ATLANTA — COVID forced Americans to bring the restaurant experience home. Many found their inner cooks, discovering that they could do gourmet in their own kitchens — for a fraction of the real restaurant price.

Restaurants are open again, but many consumers got used to those experiences at those lower prices — 60% say they want to spend less money at restaurants — and they want retailers to lend them a hand. Deli/prepared sections can play a major role.

That was one of the takeaways of a June 5 session at the Madison, Wis.-based International Dairy Deli Bakery Association’s annual show — its first in three years. And it’s a theme throughout the show, which runs through June 7. Meal kits, meal solutions, hybrid meals  and anything else with “meal” in the title was top of mind for exhibitor after exhibitor.

“Upscaling the everyday is what this decade is going to be about,” said Jonna Parker of IRi, who co-presented the session with 210 Analytics’ Anne-Marie Roerink.

That might mean preparing half of the meal at home but turning to the instore deli for help with a new and interesting side, or the instore bakery for a bread or roll upgrade.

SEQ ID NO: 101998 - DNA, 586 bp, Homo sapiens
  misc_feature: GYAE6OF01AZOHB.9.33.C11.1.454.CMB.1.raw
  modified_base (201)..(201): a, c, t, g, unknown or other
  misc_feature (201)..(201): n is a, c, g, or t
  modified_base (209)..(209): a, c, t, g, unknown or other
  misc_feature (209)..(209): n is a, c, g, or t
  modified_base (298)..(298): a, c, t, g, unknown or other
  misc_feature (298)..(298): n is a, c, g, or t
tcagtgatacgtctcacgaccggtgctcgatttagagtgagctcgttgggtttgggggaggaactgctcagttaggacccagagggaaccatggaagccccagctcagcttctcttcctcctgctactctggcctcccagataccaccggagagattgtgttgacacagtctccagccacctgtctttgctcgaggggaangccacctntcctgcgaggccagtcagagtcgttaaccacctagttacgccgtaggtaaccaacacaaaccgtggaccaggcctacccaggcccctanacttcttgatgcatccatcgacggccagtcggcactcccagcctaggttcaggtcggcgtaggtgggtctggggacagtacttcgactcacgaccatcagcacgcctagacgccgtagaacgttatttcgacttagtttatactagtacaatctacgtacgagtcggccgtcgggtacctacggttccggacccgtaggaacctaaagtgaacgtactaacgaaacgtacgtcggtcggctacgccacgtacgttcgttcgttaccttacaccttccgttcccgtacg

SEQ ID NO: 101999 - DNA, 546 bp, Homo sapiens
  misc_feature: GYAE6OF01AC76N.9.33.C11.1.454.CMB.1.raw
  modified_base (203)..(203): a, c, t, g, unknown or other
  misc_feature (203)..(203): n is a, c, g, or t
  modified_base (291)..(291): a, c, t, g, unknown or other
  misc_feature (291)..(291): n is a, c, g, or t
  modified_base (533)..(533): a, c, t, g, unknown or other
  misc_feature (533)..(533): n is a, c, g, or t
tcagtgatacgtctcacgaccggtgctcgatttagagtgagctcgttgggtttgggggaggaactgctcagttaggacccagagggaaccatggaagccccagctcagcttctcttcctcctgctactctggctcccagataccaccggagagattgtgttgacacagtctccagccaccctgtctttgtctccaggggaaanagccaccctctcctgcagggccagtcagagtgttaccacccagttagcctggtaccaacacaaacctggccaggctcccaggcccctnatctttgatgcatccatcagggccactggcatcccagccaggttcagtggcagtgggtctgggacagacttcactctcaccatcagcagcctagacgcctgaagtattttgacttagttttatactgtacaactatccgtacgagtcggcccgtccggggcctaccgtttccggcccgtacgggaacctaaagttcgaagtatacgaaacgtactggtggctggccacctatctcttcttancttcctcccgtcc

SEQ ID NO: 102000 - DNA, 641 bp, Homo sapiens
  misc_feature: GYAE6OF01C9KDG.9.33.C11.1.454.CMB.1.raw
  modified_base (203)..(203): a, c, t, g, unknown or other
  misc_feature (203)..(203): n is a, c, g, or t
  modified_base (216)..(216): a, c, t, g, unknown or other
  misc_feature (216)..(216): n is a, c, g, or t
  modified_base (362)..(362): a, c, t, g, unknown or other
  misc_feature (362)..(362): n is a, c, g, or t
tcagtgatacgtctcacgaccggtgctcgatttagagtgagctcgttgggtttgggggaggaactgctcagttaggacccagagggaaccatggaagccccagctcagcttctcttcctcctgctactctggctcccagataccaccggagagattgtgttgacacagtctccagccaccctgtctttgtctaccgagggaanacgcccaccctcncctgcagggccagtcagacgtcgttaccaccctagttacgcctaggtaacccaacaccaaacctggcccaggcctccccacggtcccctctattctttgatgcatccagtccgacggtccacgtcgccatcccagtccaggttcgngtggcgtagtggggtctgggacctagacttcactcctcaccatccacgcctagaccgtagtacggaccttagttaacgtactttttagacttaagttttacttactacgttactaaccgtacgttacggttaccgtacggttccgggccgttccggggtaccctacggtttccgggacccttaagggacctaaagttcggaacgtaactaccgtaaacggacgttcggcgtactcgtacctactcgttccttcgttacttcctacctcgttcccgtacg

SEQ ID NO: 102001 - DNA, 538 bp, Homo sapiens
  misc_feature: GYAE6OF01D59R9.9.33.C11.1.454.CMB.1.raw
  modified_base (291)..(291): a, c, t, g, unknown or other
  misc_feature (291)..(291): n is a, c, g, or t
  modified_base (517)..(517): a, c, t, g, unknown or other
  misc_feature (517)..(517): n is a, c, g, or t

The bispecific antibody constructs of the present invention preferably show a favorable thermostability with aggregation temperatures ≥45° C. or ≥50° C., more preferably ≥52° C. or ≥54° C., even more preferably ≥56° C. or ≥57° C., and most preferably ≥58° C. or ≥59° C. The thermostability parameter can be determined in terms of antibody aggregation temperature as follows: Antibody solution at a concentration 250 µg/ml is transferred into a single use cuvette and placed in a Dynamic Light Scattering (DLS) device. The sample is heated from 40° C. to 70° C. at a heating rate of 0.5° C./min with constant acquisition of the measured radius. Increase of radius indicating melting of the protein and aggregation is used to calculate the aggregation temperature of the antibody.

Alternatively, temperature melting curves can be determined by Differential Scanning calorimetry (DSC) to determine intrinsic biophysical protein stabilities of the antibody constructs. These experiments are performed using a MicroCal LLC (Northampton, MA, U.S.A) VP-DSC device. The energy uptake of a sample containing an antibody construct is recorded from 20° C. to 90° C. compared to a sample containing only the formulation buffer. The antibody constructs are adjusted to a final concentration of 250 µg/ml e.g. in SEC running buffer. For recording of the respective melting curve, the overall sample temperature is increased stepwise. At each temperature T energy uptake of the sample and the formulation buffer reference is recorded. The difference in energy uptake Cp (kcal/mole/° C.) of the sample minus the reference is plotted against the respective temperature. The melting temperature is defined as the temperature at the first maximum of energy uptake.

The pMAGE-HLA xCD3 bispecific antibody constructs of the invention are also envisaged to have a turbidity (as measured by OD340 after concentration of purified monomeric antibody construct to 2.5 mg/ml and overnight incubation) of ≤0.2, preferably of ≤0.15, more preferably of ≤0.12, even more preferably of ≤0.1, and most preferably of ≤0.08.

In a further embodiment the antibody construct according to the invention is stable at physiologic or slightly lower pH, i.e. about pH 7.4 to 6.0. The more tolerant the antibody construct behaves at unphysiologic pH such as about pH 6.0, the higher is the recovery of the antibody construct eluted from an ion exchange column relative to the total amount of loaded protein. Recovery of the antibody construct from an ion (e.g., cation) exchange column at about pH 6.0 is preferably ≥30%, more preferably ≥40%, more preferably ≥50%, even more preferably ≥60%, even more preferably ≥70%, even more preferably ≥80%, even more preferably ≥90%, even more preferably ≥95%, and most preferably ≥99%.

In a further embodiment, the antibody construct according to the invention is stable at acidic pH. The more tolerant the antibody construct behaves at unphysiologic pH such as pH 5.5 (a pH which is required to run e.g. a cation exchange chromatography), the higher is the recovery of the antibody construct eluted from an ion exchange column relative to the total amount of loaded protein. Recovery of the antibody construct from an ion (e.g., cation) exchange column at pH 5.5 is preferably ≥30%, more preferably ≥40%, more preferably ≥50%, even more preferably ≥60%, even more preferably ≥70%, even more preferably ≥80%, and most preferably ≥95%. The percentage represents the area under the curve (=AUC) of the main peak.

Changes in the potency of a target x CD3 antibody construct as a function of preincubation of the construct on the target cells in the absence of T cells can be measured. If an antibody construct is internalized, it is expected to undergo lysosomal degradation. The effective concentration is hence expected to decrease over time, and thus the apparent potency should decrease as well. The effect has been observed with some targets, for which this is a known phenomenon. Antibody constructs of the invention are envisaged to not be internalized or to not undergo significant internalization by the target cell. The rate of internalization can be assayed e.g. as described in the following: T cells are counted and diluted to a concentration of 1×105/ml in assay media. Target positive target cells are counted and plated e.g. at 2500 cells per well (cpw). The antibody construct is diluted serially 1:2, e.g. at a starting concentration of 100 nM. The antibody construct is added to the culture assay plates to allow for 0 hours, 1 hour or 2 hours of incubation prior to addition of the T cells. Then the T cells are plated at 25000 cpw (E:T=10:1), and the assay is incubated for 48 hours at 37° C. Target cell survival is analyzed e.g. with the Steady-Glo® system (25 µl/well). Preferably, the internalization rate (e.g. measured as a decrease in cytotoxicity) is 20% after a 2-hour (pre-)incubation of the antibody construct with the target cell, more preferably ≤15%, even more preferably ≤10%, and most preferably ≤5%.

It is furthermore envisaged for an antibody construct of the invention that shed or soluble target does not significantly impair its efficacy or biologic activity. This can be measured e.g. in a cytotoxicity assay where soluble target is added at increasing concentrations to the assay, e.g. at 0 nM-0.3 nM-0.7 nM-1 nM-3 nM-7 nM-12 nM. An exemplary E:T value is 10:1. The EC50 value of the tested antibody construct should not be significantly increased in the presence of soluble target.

Retailers are starting to get the message, but they still have a long ways to go. Roerink related a recent incident when she was speaking and asked audience members to pull out their phones to order lunch. Not a single one thought to order a meal from a grocery store.

“The biggest mega-trend we’re seeing now is delivering true convenience to consumers,” Roerink said. That means convenience throughout the entire process, she said, from planning to prep.

Parker cited an example from foodservice in which a breakfast, morning coffee and lunch for later in the day were bundled together for a consumer to pick up on her or his way to work.

“Imagine if the deli did that?” she said.

There are other ways in which perimeter departments and grocery stores as a whole can bring that upscaled meal experience post-COVID consumers are still craving, Parker and Roerink said:

  • Position offerings as local, chef-inspired and made. Artisan and hand-crafted drive premium messaging.
  • Add value through nutritional messaging and aligning with consumers’ beliefs.
  • Portion size variety is a sales winner. Reach out to one- and two-person households, which are now the US norm.
  • Ready-to-eat, ready-to-heat and ready-to-cook are all growth drivers.